Charles shook his head at them. "In Logan's defense, my vision is certainly not perfect yet. It's…dark, I suppose I should say. Blurry. I usually know what I'm seeing, but I'm afraid it seems it will be a while yet before it is more normal again."

"Well you're makin' progress. That's a hell of a lot better'n last week," Logan shrugged.

That was true. It had only been a view days since Jean had pointed out to him that his vision was, in fact, returning. This time last week they had all been nearly convinced that it wouldn't return at all.

Raven squeezed his arm. "Thank god." She let out a breath. "How's it going with Erik?"

Charles sighed then, too. "The same. He's still confused…angry. I seem to be making progress and then…I don't know. Nothing happens. It seems to be going nowhere. I don't know what else to do but wait. I really do think Frost's barrier are weaker now, but…well…"

"It's okay. It'll happen," she said, and the others looked on and one or two of them nodded, and he felt them hoping with her.

"I certainly hope so."

It was when they were coming out of the cafeteria that Erik came for Charles. He was waiting for them, outside the doors in the same place he had been the first time Charles had seen him after waking from the stupor that Frost had forced him into. Raven saw him first this time, and then Charles stopped and turned.

Erik just looked at them for a long minute or two, while the others streamed around them leaving the cafeteria.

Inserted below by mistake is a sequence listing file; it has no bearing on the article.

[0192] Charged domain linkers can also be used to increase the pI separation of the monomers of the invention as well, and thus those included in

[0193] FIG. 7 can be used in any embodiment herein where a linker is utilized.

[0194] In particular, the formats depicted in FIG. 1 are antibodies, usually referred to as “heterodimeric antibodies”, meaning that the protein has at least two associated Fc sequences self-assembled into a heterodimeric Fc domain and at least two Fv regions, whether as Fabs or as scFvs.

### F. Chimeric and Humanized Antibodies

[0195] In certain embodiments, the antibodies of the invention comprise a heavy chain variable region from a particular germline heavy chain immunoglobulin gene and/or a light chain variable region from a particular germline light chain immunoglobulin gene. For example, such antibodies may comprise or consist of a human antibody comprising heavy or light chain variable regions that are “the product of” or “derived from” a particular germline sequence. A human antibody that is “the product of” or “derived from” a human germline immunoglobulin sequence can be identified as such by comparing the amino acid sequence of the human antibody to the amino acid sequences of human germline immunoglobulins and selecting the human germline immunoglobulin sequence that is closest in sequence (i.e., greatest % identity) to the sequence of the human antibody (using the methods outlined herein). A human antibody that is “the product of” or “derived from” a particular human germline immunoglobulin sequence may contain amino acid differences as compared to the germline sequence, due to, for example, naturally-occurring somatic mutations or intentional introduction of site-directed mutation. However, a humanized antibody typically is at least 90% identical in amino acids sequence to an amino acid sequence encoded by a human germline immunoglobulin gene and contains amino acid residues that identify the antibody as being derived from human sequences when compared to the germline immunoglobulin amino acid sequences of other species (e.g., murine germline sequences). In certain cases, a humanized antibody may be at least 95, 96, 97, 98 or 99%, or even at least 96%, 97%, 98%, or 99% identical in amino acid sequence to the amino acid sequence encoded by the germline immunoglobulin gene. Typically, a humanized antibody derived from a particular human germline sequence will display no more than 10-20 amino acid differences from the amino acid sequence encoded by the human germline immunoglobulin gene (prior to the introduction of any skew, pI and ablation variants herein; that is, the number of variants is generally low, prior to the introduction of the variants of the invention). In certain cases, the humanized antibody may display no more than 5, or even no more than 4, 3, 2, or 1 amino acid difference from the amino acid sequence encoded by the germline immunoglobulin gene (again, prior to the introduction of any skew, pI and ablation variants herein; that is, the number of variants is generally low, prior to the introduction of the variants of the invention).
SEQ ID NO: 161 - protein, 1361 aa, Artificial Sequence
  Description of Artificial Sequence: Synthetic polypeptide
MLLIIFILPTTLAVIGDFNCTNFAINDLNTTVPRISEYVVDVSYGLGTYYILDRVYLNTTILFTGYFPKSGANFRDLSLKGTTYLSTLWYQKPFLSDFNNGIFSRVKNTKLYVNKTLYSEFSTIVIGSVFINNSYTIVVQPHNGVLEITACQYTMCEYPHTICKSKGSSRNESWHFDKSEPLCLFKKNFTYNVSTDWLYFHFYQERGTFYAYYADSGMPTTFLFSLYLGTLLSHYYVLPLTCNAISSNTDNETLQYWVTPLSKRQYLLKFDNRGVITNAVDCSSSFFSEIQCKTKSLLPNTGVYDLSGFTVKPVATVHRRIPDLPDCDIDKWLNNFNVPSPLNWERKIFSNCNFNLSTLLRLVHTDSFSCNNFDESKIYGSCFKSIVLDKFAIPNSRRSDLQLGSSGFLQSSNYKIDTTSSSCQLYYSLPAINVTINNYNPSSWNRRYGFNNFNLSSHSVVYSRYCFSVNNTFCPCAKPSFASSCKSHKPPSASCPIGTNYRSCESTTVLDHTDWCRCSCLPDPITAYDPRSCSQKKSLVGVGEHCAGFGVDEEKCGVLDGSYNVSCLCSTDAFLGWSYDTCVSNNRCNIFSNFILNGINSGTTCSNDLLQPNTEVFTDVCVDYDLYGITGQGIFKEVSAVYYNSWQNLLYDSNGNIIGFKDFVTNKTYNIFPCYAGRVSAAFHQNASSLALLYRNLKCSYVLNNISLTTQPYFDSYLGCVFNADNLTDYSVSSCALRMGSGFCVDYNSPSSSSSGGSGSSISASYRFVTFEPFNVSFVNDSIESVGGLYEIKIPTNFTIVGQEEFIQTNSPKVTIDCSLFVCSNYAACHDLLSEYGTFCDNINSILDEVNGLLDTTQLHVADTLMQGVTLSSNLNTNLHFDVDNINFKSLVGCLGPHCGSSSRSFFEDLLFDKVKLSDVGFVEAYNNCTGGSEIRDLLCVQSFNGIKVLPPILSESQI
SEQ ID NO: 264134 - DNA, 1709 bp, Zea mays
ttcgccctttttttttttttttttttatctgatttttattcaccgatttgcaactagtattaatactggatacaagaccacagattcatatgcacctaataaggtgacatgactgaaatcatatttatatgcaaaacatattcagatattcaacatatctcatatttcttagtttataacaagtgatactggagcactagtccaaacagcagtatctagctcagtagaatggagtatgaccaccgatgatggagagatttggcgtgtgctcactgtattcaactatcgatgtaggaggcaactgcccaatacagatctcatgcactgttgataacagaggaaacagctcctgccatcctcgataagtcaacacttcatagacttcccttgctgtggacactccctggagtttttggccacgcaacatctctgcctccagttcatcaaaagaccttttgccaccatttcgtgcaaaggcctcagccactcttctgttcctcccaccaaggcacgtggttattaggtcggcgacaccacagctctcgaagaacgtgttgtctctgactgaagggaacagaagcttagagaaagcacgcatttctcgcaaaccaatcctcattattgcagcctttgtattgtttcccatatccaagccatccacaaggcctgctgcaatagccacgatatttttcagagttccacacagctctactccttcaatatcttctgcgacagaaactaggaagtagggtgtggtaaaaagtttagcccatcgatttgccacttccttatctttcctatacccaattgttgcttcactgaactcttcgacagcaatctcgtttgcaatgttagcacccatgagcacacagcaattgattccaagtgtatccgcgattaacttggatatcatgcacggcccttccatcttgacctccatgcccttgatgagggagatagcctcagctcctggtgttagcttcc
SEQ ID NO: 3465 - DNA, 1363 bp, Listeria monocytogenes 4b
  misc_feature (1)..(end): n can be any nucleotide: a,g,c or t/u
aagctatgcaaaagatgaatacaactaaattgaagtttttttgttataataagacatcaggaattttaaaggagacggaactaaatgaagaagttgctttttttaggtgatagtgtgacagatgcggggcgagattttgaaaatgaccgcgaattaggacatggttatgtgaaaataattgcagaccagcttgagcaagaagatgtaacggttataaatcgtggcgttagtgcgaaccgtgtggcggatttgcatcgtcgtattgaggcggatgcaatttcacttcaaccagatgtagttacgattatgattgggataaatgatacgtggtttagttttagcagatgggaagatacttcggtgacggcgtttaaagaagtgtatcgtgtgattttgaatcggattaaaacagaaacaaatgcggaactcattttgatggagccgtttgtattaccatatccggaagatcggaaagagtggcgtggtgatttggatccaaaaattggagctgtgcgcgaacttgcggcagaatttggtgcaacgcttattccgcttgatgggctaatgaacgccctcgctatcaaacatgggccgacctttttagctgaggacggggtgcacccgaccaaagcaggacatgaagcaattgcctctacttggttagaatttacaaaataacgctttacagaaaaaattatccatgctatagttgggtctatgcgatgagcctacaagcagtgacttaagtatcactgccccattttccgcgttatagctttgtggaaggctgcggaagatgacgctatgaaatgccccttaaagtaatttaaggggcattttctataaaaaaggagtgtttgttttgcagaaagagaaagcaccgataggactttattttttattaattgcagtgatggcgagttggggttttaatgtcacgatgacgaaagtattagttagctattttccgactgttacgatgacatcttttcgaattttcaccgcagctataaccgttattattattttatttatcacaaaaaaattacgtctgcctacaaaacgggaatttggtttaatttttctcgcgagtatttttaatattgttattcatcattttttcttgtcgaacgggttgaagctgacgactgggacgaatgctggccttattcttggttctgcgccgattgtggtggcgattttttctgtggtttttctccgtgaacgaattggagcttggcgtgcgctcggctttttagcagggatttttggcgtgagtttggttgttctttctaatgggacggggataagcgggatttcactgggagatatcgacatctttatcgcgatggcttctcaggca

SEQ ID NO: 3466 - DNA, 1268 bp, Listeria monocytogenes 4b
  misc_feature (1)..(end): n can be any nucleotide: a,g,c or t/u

For a moment Charles looked hopeful. Raven watched him, watched them both.

She saw it when Charles's face crumpled, when he went from hopefulness to sadness and finally to fear. She watched his face and body shift through the emotions, and when she looked at Erik his hard expression had not changed.

Charles let's go…

She tugged at his arm anxiously, not liking the look on Erik's face at all.


He startled into motion, starting to follow her, hurrying her along, but then Erik grabbed him and pulled him forcefully away.

"Hey!" Raven cried out in protest, but when she tried to reclaim her brother guards crawled from the woodwork to keep her from breaking away from the stream of prisoners.

But Erik, of course, was as good as one of them. They didn't even react as he dragged Charles away.

And Charles was struggling.

With Erik.

Charles! CHARLES!

He didn't answer her.